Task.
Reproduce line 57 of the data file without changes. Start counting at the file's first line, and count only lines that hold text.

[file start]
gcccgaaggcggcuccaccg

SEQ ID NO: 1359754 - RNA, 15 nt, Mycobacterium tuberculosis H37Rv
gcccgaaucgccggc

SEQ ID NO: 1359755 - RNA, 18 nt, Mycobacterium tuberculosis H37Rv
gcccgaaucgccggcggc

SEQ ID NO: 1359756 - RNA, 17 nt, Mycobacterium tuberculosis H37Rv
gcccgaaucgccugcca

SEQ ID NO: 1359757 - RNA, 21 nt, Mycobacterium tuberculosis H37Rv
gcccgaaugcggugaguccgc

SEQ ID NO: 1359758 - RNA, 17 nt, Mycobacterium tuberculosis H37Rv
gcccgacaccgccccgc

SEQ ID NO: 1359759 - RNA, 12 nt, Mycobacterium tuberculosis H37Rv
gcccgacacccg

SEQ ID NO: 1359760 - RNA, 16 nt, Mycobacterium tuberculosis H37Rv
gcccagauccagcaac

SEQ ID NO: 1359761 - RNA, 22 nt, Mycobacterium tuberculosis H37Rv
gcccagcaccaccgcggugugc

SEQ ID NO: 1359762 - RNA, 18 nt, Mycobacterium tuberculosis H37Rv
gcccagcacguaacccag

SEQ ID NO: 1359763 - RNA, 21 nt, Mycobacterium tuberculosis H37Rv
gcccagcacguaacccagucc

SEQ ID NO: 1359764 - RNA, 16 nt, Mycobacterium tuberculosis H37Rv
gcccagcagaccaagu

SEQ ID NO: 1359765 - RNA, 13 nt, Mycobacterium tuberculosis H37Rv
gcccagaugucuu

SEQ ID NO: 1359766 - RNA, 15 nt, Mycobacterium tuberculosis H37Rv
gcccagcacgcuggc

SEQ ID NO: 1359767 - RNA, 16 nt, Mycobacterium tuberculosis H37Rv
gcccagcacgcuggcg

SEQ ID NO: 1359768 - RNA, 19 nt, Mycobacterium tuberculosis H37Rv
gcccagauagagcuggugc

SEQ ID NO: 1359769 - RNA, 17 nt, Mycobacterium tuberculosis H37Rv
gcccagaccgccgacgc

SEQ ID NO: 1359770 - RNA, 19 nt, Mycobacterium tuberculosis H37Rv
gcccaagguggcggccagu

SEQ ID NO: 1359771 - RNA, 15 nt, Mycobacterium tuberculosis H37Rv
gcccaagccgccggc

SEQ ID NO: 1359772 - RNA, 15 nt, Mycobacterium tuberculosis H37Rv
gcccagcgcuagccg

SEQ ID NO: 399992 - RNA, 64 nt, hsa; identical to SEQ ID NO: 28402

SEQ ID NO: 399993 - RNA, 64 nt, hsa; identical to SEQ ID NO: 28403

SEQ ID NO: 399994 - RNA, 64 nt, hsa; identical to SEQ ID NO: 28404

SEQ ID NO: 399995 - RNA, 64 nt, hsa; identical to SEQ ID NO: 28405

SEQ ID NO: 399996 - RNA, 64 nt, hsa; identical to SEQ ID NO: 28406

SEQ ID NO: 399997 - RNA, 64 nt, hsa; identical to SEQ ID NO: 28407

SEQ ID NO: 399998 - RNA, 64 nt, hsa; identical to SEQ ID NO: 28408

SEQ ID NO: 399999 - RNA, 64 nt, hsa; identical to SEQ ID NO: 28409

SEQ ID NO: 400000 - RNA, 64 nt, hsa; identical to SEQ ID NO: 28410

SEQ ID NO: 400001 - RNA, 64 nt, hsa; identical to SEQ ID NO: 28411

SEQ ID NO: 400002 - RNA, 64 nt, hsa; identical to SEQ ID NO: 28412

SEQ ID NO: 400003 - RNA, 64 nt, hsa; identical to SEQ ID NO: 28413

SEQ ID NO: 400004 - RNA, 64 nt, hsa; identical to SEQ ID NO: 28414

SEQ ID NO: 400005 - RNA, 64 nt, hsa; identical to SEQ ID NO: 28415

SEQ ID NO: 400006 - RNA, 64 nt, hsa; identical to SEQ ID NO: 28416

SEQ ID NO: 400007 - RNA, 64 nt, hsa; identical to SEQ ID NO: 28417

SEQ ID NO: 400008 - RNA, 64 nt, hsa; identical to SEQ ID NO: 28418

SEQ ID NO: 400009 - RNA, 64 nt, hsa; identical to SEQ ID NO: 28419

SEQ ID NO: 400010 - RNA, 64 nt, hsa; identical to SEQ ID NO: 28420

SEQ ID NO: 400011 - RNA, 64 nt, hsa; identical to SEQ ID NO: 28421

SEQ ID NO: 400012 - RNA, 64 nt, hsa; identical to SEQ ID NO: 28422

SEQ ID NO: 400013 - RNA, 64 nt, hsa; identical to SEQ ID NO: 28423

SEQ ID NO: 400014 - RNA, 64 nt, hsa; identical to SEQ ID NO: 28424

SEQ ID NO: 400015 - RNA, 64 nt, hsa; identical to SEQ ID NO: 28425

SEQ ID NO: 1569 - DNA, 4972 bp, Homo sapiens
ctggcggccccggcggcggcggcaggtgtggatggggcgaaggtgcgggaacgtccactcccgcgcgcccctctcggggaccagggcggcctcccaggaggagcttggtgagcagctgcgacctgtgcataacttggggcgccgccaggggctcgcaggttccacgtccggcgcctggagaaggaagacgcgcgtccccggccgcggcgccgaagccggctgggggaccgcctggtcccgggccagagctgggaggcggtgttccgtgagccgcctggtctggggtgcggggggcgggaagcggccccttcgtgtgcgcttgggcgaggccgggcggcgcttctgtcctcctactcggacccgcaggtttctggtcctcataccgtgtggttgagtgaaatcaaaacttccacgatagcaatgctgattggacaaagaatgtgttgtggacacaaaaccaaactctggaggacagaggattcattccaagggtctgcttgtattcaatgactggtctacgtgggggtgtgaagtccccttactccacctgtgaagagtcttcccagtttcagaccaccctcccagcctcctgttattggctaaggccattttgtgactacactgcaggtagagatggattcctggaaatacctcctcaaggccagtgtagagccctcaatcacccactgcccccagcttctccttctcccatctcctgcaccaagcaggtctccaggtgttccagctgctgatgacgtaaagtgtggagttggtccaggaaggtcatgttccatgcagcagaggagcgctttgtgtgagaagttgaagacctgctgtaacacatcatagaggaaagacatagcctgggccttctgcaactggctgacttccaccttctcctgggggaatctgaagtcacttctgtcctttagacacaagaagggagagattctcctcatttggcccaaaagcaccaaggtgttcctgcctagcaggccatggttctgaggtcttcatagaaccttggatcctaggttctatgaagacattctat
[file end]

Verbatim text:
SEQ ID NO: 400009 - RNA, 64 nt, hsa; identical to SEQ ID NO: 28419